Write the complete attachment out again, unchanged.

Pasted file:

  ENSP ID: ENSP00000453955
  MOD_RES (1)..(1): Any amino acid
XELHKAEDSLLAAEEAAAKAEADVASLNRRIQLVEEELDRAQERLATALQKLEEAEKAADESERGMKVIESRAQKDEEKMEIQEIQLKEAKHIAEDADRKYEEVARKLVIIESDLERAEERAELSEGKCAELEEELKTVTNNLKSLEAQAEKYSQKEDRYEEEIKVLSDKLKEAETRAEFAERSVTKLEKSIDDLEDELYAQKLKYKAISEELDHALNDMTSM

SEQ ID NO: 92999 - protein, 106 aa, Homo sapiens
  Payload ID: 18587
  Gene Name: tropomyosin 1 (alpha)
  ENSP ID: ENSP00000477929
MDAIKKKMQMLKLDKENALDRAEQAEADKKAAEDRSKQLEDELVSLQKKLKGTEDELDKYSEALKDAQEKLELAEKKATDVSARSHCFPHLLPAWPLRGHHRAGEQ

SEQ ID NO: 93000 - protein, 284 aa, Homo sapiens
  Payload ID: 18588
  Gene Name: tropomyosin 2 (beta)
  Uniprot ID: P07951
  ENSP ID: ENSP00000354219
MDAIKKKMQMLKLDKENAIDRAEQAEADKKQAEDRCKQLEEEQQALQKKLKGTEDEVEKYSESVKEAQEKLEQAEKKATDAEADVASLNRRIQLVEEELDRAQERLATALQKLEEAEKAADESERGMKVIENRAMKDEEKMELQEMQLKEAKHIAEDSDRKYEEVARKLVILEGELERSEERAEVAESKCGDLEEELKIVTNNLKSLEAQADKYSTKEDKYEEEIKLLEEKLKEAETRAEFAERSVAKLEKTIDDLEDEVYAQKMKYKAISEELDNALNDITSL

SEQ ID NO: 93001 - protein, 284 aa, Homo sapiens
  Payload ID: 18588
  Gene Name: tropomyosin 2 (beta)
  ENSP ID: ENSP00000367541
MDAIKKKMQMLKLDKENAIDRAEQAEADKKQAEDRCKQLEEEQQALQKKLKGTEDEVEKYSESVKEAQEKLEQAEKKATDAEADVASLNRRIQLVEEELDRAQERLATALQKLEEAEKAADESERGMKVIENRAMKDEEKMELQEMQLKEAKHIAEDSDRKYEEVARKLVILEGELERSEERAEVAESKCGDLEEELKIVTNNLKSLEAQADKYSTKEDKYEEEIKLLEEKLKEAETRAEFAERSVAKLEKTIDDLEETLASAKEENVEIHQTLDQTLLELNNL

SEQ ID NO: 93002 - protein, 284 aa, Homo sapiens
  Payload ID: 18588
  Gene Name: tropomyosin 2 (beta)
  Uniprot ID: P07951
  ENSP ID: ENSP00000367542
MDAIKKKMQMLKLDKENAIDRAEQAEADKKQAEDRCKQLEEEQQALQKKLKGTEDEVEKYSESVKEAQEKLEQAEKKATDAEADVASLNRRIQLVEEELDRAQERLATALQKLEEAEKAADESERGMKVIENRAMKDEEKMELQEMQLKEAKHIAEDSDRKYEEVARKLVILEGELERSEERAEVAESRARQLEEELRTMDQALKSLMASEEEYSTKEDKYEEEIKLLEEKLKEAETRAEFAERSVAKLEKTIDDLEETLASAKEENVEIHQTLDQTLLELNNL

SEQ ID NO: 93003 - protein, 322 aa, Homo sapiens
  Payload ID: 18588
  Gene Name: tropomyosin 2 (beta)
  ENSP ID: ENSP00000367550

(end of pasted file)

  ENSP ID: ENSP00000453955
  MOD_RES (1)..(1): Any amino acid
XELHKAEDSLLAAEEAAAKAEADVASLNRRIQLVEEELDRAQERLATALQKLEEAEKAADESERGMKVIESRAQKDEEKMEIQEIQLKEAKHIAEDADRKYEEVARKLVIIESDLERAEERAELSEGKCAELEEELKTVTNNLKSLEAQAEKYSQKEDRYEEEIKVLSDKLKEAETRAEFAERSVTKLEKSIDDLEDELYAQKLKYKAISEELDHALNDMTSM

SEQ ID NO: 92999 - protein, 106 aa, Homo sapiens
  Payload ID: 18587
  Gene Name: tropomyosin 1 (alpha)
  ENSP ID: ENSP00000477929
MDAIKKKMQMLKLDKENALDRAEQAEADKKAAEDRSKQLEDELVSLQKKLKGTEDELDKYSEALKDAQEKLELAEKKATDVSARSHCFPHLLPAWPLRGHHRAGEQ

SEQ ID NO: 93000 - protein, 284 aa, Homo sapiens
  Payload ID: 18588
  Gene Name: tropomyosin 2 (beta)
  Uniprot ID: P07951
  ENSP ID: ENSP00000354219
MDAIKKKMQMLKLDKENAIDRAEQAEADKKQAEDRCKQLEEEQQALQKKLKGTEDEVEKYSESVKEAQEKLEQAEKKATDAEADVASLNRRIQLVEEELDRAQERLATALQKLEEAEKAADESERGMKVIENRAMKDEEKMELQEMQLKEAKHIAEDSDRKYEEVARKLVILEGELERSEERAEVAESKCGDLEEELKIVTNNLKSLEAQADKYSTKEDKYEEEIKLLEEKLKEAETRAEFAERSVAKLEKTIDDLEDEVYAQKMKYKAISEELDNALNDITSL

SEQ ID NO: 93001 - protein, 284 aa, Homo sapiens
  Payload ID: 18588
  Gene Name: tropomyosin 2 (beta)
  ENSP ID: ENSP00000367541
MDAIKKKMQMLKLDKENAIDRAEQAEADKKQAEDRCKQLEEEQQALQKKLKGTEDEVEKYSESVKEAQEKLEQAEKKATDAEADVASLNRRIQLVEEELDRAQERLATALQKLEEAEKAADESERGMKVIENRAMKDEEKMELQEMQLKEAKHIAEDSDRKYEEVARKLVILEGELERSEERAEVAESKCGDLEEELKIVTNNLKSLEAQADKYSTKEDKYEEEIKLLEEKLKEAETRAEFAERSVAKLEKTIDDLEETLASAKEENVEIHQTLDQTLLELNNL

SEQ ID NO: 93002 - protein, 284 aa, Homo sapiens
  Payload ID: 18588
  Gene Name: tropomyosin 2 (beta)
  Uniprot ID: P07951
  ENSP ID: ENSP00000367542
MDAIKKKMQMLKLDKENAIDRAEQAEADKKQAEDRCKQLEEEQQALQKKLKGTEDEVEKYSESVKEAQEKLEQAEKKATDAEADVASLNRRIQLVEEELDRAQERLATALQKLEEAEKAADESERGMKVIENRAMKDEEKMELQEMQLKEAKHIAEDSDRKYEEVARKLVILEGELERSEERAEVAESRARQLEEELRTMDQALKSLMASEEEYSTKEDKYEEEIKLLEEKLKEAETRAEFAERSVAKLEKTIDDLEETLASAKEENVEIHQTLDQTLLELNNL

SEQ ID NO: 93003 - protein, 322 aa, Homo sapiens
  Payload ID: 18588
  Gene Name: tropomyosin 2 (beta)
  ENSP ID: ENSP00000367550